Amendments to the new planning bill, made by Labor, the Greens and Shooters and Fishers Party, left the bill in a state of flux. “Due to reform inertia and increasing industry uncertainty, Sydney’s recovery may be short lived. Without major structural reforms, the only thing saving Sydney is record low interest rates and the availability of capital,” the UDIA said.
“If governments do not implement new planning and strata regimes when interest rates rise Sydney and its developers are in for a substantial demand induced shock.”
MELBOURNE: 25PC DROP
After leading the country in lot production, the number of new lots released around Melbourne’s growth areas fell more than 25 per cent in the past year.
Overall, supply levels are still high compared with other cities – 13,447 lots were released to market in 2012-13, compared with only 5367 in land-starved Sydney.
After rising 55 per cent over the past two years, Melbourne land prices fell 3 per cent in the past year and the median lot price was down about 9 per cent, which was put down to the influx of supply the year before.
With prices softening, the UDIA gave the southern capital a thumbs-up for its affordability.
However, the UDIA noted that slow approvals for new homes and a sluggish rezoning process were still dogging development in Melbourne.
Victoria’s UDIA has voiced concerns about a new neighbourhood residential zone to be introduced as part of Plan Melbourne, which it warned could restrict new housing. But it has welcomed a government call for submissions to ensure the transition to new zones is done sensibly.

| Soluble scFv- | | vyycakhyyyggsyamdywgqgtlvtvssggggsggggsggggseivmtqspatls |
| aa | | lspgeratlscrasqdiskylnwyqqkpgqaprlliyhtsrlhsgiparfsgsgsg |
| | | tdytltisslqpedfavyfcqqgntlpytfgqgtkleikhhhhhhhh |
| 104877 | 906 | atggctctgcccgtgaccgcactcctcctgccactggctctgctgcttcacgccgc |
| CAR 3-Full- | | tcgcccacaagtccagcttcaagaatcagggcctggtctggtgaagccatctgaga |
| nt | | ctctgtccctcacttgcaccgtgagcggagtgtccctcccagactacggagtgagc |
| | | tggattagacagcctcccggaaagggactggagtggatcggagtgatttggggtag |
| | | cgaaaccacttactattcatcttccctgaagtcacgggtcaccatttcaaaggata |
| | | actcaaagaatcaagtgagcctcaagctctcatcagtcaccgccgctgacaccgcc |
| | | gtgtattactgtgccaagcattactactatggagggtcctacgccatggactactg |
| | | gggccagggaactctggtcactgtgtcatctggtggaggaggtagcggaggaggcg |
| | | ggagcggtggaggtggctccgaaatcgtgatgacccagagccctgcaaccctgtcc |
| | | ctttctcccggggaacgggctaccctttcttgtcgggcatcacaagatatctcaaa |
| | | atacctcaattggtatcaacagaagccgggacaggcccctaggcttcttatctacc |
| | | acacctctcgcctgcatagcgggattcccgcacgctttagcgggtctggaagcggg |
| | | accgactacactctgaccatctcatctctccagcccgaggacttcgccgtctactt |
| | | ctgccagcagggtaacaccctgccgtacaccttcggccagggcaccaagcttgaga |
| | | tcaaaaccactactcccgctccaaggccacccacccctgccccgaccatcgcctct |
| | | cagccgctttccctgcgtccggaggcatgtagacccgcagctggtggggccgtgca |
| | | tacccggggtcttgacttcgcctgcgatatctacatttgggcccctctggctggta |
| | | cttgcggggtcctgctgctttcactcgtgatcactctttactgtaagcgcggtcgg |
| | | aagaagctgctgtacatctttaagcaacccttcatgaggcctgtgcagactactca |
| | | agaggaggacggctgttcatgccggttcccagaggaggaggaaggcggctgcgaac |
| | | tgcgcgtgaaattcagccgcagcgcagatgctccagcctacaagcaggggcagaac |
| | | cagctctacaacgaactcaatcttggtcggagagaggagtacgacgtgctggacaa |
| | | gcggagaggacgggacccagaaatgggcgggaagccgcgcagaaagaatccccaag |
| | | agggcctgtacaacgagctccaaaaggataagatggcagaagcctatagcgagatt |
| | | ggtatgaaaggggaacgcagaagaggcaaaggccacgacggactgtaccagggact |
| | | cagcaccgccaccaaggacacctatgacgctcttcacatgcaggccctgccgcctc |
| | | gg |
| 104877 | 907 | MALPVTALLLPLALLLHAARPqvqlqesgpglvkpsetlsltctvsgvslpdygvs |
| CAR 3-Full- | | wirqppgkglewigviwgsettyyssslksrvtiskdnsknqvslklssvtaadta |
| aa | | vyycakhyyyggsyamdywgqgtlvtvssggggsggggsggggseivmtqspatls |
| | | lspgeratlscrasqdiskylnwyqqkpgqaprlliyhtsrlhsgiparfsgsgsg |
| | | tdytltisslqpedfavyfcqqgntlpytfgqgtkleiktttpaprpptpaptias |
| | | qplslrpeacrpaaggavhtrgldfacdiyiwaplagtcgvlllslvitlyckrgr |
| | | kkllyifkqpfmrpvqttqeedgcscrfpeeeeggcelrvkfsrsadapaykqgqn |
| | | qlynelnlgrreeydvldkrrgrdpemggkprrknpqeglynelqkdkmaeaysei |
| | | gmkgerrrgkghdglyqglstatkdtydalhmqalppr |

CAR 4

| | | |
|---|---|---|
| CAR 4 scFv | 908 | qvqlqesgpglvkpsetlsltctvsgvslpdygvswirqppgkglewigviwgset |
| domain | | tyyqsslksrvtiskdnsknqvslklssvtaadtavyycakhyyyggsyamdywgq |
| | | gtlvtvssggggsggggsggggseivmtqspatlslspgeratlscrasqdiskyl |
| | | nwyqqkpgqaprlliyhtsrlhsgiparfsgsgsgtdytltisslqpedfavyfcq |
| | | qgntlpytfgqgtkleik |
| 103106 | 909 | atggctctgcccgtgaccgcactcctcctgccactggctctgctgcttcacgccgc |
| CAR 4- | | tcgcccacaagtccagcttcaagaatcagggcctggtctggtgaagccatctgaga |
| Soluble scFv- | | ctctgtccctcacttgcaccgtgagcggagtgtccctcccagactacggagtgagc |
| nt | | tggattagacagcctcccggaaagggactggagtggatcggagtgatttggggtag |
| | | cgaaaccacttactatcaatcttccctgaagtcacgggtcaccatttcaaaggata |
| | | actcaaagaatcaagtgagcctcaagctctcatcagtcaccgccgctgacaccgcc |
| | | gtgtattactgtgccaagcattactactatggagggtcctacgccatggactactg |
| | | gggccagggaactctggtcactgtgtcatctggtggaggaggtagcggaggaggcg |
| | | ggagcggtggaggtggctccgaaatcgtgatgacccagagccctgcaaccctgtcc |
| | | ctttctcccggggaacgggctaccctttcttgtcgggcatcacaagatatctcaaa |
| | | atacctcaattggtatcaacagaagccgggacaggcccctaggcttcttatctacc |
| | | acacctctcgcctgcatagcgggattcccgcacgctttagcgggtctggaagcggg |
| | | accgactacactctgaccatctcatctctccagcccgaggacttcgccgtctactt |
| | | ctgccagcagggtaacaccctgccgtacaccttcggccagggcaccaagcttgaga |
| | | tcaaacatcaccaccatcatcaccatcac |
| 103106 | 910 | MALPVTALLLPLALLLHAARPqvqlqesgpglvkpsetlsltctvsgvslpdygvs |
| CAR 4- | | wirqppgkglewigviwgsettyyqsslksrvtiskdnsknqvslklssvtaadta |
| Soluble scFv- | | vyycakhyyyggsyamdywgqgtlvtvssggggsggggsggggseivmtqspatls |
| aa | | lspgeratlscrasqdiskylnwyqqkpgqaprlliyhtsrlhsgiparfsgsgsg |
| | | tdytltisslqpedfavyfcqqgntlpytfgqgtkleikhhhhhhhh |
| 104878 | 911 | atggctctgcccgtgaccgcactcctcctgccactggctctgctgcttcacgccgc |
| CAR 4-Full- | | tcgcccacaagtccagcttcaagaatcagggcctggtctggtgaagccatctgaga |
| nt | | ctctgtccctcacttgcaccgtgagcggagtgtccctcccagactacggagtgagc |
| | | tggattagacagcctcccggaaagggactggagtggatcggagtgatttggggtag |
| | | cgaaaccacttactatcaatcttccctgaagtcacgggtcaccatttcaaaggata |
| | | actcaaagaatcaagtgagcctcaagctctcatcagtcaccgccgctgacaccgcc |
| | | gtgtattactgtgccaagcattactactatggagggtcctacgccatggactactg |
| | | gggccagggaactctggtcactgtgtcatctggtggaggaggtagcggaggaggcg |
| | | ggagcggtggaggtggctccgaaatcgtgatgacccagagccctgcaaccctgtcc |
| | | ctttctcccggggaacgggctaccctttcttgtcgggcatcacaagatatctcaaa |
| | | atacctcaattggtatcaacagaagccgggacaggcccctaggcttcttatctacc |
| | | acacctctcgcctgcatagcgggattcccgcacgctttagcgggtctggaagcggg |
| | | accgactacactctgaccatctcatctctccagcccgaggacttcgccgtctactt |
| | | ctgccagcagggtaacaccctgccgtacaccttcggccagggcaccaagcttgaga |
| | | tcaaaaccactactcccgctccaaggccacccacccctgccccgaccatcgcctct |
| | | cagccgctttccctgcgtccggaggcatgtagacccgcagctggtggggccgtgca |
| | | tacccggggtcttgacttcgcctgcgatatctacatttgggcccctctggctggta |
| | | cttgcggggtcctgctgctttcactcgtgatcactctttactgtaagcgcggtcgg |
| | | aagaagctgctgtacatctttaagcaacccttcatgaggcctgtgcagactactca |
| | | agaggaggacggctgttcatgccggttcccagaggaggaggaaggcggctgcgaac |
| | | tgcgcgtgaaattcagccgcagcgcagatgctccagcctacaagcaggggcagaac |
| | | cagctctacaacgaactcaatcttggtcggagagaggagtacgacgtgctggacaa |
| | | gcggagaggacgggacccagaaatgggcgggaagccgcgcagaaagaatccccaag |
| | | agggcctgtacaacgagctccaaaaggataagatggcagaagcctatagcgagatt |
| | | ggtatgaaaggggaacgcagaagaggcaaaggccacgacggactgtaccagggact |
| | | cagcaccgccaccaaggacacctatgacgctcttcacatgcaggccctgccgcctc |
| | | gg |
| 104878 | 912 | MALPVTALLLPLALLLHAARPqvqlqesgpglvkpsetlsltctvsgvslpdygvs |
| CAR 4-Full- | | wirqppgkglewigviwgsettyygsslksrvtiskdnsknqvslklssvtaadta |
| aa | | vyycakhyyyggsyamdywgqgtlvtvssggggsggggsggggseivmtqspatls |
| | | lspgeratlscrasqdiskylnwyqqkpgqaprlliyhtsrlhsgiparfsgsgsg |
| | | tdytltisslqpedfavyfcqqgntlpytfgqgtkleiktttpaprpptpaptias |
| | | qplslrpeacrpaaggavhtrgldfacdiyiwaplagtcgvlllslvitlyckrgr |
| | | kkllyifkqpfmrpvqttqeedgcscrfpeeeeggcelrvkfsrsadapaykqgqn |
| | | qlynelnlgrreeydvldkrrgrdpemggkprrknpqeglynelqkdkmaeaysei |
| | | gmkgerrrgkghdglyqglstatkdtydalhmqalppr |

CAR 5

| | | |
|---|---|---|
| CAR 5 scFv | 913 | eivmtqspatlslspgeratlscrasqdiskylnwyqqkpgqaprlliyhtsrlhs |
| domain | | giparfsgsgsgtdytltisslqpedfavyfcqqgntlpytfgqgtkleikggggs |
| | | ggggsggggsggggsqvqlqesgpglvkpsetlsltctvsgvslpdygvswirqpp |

BRISBANE PRICES STILL TOO HIGH
Brisbane has begun to show recovery signs in its land market, which is fortunate given only 4440 lots were released there in 2012-13, compared with 9738 in 2006-07.
Brisbane’s per square metre average price was $475 in 2012-13 and the UDIA said developers were struggling to deliver land at prices buyers were willing to pay – therefore last year’s sales were subdued.
Queensland Treasury has identified more than 27,800 hectares of broad hectare land that could be available for future development.
However, the UDIA warned attracting buyers to live in those locations would be challenging.
The UDIA noted Queensland has shifted to a single agency for planning assessment which should cut red tape.
PERTH AT 10-YEAR HIGH
Perth’s lot production number is still riding a 10-year high after rising 31 per cent in 2012-13. The bulk of lots are being sold more than five months before final subdivision approval.
The median lot price has not changed despite a fall in the number of lots available and a decline in lot sizes which has masked the rise in cost per square metre – up from $162 in 2002-03 to $547 in 2012-13. Code reforms have allowed for some blocks as small as 100 square metres. The lack of future infrastructure funded for Perth has drawn industry criticism. The UDIA has warned the state would only be able to deliver on the strategies outlined in planning reform documents if new infrastructure was funded and well co-ordinated.
ADELAIDE HAS LAND APLENTY
Adelaide produced less lots in 2012-13 than for more than a decade, just 4761 compared to peaks of almost 8000 lots in 2007-08 and 2008-09.
Sales volumes have been low in recent years although there was a 15 per cent increase in 2012-13. At current consumption rates, there is considered enough land available to meet supply. While structure planning has improved around Adelaide, the UDIA said a lot of land was unavailable for development because of infrastructure issues.